Moving to Papua New Guinea 

Jacquelyn Vadnais
Last Edited Mar 27, 2023

Papua New Guinea has experienced a very unique history in that the territory has influences from Spain, Portugal, Germany, Australia, and England. What this unique history has caused is a culture that is quite fragmented, mixed with the impact of colonization and traditional tribes. That being said, due to the extensive exposure that Papua New Guinea has had to English-speaking countries, it has English as one of its three official languages. Even though Papua New Guinea has a very high level of English and a fascinating culture, the complicated history of cultures does create political tensions. In fact, there is currently a major political crisis that is occurring in Papua New Guinea. Expats should tread carefully when considering moving there until some political unrest quiets. 

Quick And Interesting Facts About Papua New Guinea

  • Papua New Guinea belongs to Oceania and can be found east of Indonesia and north of Australia. It is part of the Australasian territory composed of Australia, Eastern Indonesia, New Zealand, and other Pacific islands like the Vanuatu and Solomon Islands.
  • The country was called New Guinea then and was one of the first land masses after humans populated Eurasia and Africa. The first signs of migration for the country were noted during the same time as Australia, making it one of the countries with the oldest cultures in the world.
  • People from Southeast Asia are most likely the first inhabitants of Papua New Guinea, having arrived there between 50,000 and 60,000 years ago during the Ice Age.
  • Ten thousand years ago, Australia and PNG split apart as a result of rising sea levels. The nation was formerly a part of the prehistoric Sahul subcontinent.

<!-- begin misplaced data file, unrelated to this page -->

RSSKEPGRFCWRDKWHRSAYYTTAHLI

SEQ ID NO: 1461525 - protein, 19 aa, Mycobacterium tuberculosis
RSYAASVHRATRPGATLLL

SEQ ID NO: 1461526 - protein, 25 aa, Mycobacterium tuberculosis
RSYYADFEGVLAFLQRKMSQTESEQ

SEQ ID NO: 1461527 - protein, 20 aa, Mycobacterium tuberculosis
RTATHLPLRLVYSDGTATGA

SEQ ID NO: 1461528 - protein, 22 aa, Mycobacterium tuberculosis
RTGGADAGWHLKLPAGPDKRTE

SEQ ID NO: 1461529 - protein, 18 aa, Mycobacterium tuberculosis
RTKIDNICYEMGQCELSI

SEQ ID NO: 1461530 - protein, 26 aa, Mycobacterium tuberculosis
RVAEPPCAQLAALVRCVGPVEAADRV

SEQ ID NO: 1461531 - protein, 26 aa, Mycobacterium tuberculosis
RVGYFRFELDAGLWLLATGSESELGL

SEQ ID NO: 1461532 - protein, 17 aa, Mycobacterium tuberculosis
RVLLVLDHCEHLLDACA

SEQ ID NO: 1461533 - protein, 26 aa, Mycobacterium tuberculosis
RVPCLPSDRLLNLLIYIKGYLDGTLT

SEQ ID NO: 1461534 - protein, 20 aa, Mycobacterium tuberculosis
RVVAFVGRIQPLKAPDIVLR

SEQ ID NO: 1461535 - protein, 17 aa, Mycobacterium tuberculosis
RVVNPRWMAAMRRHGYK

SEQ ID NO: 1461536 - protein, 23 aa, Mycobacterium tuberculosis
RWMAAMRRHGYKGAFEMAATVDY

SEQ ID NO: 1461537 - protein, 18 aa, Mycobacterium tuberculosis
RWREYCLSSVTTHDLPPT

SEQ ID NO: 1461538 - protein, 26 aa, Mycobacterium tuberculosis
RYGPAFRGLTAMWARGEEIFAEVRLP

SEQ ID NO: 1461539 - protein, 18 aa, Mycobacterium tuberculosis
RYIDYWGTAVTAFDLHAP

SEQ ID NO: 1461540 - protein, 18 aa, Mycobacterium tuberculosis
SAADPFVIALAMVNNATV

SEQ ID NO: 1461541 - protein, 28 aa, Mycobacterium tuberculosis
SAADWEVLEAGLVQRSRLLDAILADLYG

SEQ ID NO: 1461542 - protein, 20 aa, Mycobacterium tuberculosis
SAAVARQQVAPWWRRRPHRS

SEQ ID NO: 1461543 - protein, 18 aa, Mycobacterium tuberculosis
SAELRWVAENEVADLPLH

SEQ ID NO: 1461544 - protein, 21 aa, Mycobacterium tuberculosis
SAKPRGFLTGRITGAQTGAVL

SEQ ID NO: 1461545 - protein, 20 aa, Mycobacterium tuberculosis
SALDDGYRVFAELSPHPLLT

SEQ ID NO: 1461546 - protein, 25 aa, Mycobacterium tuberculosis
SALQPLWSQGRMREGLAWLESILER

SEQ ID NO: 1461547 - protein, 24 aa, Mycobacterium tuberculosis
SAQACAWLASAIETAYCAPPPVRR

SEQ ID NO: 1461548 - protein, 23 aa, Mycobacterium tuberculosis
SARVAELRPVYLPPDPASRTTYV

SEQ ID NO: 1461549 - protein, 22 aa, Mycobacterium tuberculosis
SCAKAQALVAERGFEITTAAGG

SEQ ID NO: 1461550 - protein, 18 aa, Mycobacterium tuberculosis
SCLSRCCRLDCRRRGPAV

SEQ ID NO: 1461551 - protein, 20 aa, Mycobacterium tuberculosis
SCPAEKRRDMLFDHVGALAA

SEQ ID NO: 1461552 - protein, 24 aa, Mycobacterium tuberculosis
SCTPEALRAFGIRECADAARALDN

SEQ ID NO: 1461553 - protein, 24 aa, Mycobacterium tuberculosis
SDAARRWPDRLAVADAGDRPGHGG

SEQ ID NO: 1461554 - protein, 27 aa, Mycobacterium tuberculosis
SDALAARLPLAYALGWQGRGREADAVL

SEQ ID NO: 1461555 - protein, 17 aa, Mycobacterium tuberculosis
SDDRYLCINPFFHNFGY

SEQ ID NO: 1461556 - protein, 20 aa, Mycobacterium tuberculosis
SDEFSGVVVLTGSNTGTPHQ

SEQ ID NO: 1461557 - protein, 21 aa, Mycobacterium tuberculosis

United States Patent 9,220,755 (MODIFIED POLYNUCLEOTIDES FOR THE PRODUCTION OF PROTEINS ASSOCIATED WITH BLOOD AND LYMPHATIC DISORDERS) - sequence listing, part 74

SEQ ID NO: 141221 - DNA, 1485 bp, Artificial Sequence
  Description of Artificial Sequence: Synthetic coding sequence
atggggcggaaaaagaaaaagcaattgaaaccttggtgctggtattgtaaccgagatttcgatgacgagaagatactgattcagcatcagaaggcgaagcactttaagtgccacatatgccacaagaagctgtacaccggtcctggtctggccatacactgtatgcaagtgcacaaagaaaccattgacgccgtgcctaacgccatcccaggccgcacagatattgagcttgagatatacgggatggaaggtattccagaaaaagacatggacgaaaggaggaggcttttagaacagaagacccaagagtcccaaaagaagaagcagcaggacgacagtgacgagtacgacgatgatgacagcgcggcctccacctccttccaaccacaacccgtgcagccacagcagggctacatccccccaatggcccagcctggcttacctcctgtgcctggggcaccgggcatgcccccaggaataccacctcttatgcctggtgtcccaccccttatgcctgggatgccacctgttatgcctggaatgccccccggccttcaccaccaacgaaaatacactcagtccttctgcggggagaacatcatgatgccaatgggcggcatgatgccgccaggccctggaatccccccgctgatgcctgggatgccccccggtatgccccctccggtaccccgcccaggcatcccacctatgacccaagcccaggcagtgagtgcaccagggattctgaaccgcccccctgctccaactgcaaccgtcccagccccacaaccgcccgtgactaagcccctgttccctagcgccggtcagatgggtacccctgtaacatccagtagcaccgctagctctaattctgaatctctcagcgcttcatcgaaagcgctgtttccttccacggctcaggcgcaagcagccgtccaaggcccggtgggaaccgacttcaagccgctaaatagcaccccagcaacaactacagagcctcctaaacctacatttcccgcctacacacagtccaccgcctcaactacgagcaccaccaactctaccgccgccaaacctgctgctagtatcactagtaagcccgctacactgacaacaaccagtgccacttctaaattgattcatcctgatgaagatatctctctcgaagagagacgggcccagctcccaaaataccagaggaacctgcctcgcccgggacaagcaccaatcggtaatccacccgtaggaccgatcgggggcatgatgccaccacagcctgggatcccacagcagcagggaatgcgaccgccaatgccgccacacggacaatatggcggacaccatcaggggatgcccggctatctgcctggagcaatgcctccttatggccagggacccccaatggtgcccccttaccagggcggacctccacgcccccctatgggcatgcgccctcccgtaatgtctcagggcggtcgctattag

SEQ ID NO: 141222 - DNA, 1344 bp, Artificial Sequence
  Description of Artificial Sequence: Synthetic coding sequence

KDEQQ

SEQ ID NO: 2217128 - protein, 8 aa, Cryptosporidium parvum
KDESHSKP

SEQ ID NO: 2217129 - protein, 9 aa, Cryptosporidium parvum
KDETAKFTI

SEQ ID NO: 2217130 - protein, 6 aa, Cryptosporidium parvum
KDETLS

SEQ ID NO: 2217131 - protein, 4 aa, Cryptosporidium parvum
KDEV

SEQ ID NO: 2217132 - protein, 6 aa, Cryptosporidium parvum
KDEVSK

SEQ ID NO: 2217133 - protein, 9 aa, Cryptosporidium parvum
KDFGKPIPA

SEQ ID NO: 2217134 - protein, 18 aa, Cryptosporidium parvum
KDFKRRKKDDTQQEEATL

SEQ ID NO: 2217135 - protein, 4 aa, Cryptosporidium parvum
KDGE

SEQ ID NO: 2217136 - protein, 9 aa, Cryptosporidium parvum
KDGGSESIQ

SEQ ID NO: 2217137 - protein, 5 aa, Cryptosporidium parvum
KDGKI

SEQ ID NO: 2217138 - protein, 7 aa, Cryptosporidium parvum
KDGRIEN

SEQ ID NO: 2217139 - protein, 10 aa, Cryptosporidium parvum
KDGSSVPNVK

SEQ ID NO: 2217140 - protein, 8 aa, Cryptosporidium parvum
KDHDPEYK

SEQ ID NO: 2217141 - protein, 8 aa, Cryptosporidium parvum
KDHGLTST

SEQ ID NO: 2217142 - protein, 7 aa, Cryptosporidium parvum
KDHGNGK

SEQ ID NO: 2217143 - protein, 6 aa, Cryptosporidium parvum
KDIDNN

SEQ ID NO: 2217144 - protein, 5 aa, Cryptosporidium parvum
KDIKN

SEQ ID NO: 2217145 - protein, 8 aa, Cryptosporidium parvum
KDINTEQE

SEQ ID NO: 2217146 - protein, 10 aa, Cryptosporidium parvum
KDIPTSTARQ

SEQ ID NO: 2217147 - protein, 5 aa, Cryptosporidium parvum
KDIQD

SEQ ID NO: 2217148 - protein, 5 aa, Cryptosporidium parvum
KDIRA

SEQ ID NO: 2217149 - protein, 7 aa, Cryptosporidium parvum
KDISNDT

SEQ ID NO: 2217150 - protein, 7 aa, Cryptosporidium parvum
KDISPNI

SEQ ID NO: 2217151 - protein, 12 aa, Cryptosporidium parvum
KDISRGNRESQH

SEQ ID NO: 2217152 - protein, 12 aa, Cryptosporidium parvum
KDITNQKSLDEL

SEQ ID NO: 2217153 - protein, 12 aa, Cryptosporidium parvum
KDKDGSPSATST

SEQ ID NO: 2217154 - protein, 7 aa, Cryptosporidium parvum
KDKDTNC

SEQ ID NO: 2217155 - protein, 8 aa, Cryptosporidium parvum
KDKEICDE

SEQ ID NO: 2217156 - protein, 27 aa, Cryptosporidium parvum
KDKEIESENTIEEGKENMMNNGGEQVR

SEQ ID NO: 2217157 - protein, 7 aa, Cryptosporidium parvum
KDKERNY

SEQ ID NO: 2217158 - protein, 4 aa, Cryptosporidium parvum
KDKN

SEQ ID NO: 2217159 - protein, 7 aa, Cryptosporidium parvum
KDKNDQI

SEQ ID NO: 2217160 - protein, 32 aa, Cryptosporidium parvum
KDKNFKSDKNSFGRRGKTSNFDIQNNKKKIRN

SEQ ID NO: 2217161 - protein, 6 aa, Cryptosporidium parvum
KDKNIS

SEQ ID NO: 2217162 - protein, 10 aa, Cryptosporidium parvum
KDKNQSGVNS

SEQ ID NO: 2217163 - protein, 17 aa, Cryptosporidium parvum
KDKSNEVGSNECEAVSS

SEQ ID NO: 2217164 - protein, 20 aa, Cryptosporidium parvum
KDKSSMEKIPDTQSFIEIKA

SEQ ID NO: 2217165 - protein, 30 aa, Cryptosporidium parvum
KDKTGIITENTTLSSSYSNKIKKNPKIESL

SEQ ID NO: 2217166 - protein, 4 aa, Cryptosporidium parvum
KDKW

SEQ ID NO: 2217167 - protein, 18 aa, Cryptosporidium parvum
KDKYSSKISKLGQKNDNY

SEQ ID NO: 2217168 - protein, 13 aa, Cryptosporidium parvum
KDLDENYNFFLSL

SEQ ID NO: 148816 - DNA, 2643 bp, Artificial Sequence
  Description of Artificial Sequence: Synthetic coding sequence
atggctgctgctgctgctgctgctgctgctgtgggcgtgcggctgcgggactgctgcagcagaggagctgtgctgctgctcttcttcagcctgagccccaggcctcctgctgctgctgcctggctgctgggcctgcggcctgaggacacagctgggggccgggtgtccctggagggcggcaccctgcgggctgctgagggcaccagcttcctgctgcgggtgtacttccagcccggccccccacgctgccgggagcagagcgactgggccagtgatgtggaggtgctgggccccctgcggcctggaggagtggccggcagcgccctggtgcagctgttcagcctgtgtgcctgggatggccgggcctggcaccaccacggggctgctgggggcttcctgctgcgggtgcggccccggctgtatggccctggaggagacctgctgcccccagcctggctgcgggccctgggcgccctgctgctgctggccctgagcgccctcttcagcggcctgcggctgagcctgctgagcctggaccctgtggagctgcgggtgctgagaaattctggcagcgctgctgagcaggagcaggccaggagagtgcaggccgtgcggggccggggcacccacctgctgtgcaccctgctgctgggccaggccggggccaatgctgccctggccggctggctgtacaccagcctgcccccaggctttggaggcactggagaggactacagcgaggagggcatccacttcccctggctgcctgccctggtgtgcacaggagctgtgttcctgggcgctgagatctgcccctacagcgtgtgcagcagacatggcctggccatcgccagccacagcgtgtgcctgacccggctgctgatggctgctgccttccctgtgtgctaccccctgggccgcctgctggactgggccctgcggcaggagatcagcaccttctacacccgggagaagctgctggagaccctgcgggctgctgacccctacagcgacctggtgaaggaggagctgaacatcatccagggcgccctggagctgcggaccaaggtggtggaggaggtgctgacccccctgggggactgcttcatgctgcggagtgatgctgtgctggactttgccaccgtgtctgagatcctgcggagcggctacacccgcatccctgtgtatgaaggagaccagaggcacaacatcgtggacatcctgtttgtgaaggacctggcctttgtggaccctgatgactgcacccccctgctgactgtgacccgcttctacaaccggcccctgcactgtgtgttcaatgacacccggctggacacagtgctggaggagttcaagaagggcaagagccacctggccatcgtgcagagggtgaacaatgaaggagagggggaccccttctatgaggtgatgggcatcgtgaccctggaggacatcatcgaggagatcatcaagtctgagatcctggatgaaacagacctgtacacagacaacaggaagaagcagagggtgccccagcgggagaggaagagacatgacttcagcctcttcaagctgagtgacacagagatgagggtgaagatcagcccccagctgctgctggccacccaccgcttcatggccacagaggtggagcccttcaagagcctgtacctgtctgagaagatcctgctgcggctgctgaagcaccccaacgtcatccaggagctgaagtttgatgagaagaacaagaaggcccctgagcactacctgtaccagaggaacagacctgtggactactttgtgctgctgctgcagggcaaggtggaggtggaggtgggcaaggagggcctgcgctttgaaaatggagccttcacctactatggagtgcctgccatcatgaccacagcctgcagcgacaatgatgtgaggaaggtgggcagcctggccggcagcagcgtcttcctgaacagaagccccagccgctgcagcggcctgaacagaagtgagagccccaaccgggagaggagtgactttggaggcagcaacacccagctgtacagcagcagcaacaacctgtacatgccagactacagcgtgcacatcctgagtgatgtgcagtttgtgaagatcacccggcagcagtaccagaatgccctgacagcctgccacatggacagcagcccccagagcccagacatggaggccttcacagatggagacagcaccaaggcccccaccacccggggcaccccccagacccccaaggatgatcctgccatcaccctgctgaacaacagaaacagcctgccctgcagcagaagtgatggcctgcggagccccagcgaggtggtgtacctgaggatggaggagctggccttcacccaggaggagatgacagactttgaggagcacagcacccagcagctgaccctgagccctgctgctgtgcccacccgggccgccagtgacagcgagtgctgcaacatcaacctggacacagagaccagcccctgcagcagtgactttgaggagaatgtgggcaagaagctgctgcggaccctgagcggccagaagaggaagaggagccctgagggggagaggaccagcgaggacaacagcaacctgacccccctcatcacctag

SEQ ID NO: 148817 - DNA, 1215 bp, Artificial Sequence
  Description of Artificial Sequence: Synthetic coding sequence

• The capital of PNG is Port Moresby, and it is home to more than 360,000 citizens. Port Moresby is the largest South Pacific City outside New Zealand and Australia.
  • PNG is the world’s second-largest island, occupying a land area of 178,703 square miles. This makes it slightly smaller than the state of California but less significant than Spain.
  • Officially known as the Independent State of Papua New Guinea, it has an area of 462,840 km2, making it the second-largest island country. It is slightly larger than the State of California but smaller than Spain.
  • Papua New Guinea boasts more than 851 languages, making it the most linguistically varied country in the world. Tok Pisin is one of the most popular languages, a creole of the American language with German elements. Note that PNG even has its official sign language. But today, American English is the widely spoken language.
  • This Oceanic country has a tropical climate, with average yearly temperatures ranging from 86 °F to 89.6 °F (30 °C to 32 °C).
  • The country is home to almost a thousand ethnic groups, each with its traditions, music, culture, weaponry, and attire.

Living In Papua New Guinea

The environment in Papua New Guinea allows you to relax and take it easy. It is home to a tight-knit community where everybody is acquainted.

The people in PNG are friendly and value their strong sense of community and inclusivity.

Additionally, since many of the communities are impoverished, ex-pats won’t see a Starbucks, H&M, or McDonald’s’. Living in PNG will make you reassess your needs and priorities.

Cost Of Living In Papua New Guinea

Compared to the US, the cost of living in PNG is relatively lower in almost all aspects. For residents, the cost of living is expensive primarily because opportunities for urbanization abound, infrastructure is undeveloped, and nearly all essentials need to be imported or transported throughout the island.

But for an ex-pat living in PNG, it is more affordable—on average, it costs 15.6% lower than in the US. The cost of rent alone is 8.6% lower in the US, although you can’t expect the same level of convenience and structure on this island.

For a single person living within the city, monthly expenses reach a minimum of ~PGK 17,710 (~$4,963).

Cost Of Building A House In PNG

Houses are expensive in PNG, with a house and lot package costing about ~PGK 300,000 (~$84,078.27) to ~PGK 400,000 (~$112,104.36). It costs this high because most of the country’s land—about 97%—is traditionally owned, with the remaining 3% being titled and state areas.